I wonder why we can't just be explicit about it: "Look, we appreciate the benefits of adjuncts, which include a training ground for n00bs; a way to bring in experts within the community who are full-time professionals, not teachers, to teach a few classes and bring the benefits of their experience; a way to try out new teachers; a way to create flexibility in scheduling. However, we think it's immoral and unreasonable to pay someone with an advanced degree and student loans below minimum wage to teach in higher education for a long period, and that job security and reasonable pay is important. There are benefits that come from full-timers that justify their cost, such as institutional memory and the ability to devote 100% of their work attention to OUR students, not to the six schools they're adjuncting at to make a living. Therefore, we're going to set a ratio of full timers to adjuncts of 50/50." (Or whatever.)

Not capping adjunct hours to prevent the lowest-cost solution, but merely saying, "The lowest-cost solution is unfair to those who learn and to those who teach and we refuse to let economic pressure make that decision for our students."

Then second line could at least adjunct in one place. :)
 
I'm a long-time lecturer at a 4-year CSU campus which not only has no cap, but is required to offer any available sections to existing lecturers. But I believe the CA Legislature has just passed a 67% cap for all CCs statewide--and that's a huge number. Adjuncts worked long and hard for this, and it seems all for the best.
 
We have more adjuncts, and fewer admins, than any other branch of higher ed. What this says about the Bousquet hypothesis – that the adjunct trend exists to feather administrative nests – I'll leave an as exercise for the reader.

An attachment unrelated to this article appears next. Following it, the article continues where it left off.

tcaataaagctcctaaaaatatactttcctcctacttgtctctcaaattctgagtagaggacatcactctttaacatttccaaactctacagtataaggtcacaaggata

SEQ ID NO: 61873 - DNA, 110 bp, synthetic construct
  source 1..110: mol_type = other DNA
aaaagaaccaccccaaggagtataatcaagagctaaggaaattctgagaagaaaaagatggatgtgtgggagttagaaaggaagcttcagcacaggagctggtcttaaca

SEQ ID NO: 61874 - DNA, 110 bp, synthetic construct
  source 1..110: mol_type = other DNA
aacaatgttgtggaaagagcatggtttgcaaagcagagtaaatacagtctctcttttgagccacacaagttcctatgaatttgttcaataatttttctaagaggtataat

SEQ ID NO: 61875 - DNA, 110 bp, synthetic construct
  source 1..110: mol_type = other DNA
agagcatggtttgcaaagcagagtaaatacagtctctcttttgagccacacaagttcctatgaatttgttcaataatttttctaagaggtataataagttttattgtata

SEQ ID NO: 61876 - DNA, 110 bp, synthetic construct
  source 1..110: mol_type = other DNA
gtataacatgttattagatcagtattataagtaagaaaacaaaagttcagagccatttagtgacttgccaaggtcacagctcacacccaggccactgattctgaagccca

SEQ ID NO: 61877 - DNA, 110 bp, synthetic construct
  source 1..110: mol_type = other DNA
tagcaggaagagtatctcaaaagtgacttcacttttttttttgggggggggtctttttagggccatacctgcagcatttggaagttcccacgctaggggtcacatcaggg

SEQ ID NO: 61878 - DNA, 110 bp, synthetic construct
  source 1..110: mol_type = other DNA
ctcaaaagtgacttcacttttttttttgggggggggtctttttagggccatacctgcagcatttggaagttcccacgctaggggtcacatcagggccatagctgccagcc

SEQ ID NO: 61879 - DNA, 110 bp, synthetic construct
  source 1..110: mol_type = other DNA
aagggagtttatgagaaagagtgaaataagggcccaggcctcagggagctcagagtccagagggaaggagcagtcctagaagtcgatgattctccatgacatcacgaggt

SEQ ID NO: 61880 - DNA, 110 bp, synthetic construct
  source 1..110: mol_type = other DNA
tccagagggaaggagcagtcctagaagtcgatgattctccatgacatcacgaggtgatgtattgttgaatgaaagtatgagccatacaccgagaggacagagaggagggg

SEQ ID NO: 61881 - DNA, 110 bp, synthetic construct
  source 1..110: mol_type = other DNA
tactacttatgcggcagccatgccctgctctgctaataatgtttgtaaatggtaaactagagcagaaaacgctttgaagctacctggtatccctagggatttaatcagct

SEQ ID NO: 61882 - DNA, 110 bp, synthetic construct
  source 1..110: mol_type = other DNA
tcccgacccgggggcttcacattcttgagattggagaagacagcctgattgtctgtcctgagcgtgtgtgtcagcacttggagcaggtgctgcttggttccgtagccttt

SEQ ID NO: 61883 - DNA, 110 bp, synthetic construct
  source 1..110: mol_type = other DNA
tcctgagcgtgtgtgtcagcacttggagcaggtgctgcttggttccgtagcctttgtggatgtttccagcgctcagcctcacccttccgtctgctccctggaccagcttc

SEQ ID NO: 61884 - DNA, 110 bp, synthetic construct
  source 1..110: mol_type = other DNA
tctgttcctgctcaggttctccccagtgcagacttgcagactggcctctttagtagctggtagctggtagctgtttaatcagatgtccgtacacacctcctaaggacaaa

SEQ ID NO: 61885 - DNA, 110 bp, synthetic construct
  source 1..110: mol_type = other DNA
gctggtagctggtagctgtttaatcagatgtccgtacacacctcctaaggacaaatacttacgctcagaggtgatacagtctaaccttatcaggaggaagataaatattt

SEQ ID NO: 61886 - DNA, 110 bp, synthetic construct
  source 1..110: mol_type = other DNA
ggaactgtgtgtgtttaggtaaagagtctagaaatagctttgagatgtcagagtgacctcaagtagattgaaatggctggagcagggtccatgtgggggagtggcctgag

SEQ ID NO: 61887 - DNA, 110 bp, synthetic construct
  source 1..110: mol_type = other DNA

In your case, the nest being feathered is the state's. If they forked over more $$$, you'd have the staff you need, at a salary they deserve.

It was interesting and informative watching your rhetorical contortions to justify abusing adjunct faculty.

What would happen if you just said "No"? No, we're capping CLASSES because we lack the money to appropriately pay faculty what they're worth. No, we cannot add a section and hire ANOTHER adjunct at 50% the compensation per course a full-timer would b paid to teach it. No, I'm not going to enable a broken system by continuing to abuse adjuncts and allow them to abuse themselves by encouraging freeway flying.

Ever consider NO as the answer?
 
I'm sure he has. And I'm equally sure he'd be fired were he to say "no" as you suggest.
 
Any discussion about having a new category, between adjuncts and tenured, of full-time teaching faculty? Some institutions have full-load "professeurs-enseignants" on multiple-year contracts renewed yearly. Given the current use of adjuncts (quite different from our original role), it could be the best solution for everyone involved ((including learners).
 
I think it is better to have a department or system cap vs. having a limit on the number of courses/hours an individual can teach. I'm in the former system now and fled the latter - it was a nightmare of budgeting and travel.

It makes little sense to have the same 6 adjuncts teaching at the same 3 schools to stay under the cap at each. If we each only taught at one school, we would have been more sane and the students would have benefitted --